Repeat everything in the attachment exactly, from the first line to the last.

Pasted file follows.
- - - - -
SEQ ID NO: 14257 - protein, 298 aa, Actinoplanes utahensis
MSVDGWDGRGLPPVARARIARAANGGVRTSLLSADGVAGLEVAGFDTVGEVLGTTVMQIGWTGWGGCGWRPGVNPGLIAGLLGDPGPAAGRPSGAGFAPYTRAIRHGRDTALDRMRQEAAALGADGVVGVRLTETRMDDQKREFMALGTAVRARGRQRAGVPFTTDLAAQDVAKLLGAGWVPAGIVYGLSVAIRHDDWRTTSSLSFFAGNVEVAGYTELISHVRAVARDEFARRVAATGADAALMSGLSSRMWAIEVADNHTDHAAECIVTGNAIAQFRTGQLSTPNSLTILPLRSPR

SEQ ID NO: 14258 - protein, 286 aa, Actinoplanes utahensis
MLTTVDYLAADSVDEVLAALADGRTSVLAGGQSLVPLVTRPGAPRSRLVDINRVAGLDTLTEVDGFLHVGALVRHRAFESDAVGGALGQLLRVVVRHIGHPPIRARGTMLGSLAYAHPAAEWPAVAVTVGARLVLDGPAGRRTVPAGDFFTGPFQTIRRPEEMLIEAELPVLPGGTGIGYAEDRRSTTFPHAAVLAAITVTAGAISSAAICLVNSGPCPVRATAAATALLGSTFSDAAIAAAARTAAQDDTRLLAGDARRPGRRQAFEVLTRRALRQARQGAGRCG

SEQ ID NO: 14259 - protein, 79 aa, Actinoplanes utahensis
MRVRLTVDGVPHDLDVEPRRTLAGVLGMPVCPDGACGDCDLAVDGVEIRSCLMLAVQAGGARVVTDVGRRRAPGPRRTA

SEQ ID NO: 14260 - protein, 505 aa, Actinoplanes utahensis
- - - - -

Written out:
SEQ ID NO: 14257 - protein, 298 aa, Actinoplanes utahensis
MSVDGWDGRGLPPVARARIARAANGGVRTSLLSADGVAGLEVAGFDTVGEVLGTTVMQIGWTGWGGCGWRPGVNPGLIAGLLGDPGPAAGRPSGAGFAPYTRAIRHGRDTALDRMRQEAAALGADGVVGVRLTETRMDDQKREFMALGTAVRARGRQRAGVPFTTDLAAQDVAKLLGAGWVPAGIVYGLSVAIRHDDWRTTSSLSFFAGNVEVAGYTELISHVRAVARDEFARRVAATGADAALMSGLSSRMWAIEVADNHTDHAAECIVTGNAIAQFRTGQLSTPNSLTILPLRSPR

SEQ ID NO: 14258 - protein, 286 aa, Actinoplanes utahensis
MLTTVDYLAADSVDEVLAALADGRTSVLAGGQSLVPLVTRPGAPRSRLVDINRVAGLDTLTEVDGFLHVGALVRHRAFESDAVGGALGQLLRVVVRHIGHPPIRARGTMLGSLAYAHPAAEWPAVAVTVGARLVLDGPAGRRTVPAGDFFTGPFQTIRRPEEMLIEAELPVLPGGTGIGYAEDRRSTTFPHAAVLAAITVTAGAISSAAICLVNSGPCPVRATAAATALLGSTFSDAAIAAAARTAAQDDTRLLAGDARRPGRRQAFEVLTRRALRQARQGAGRCG

SEQ ID NO: 14259 - protein, 79 aa, Actinoplanes utahensis
MRVRLTVDGVPHDLDVEPRRTLAGVLGMPVCPDGACGDCDLAVDGVEIRSCLMLAVQAGGARVVTDVGRRRAPGPRRTA

SEQ ID NO: 14260 - protein, 505 aa, Actinoplanes utahensis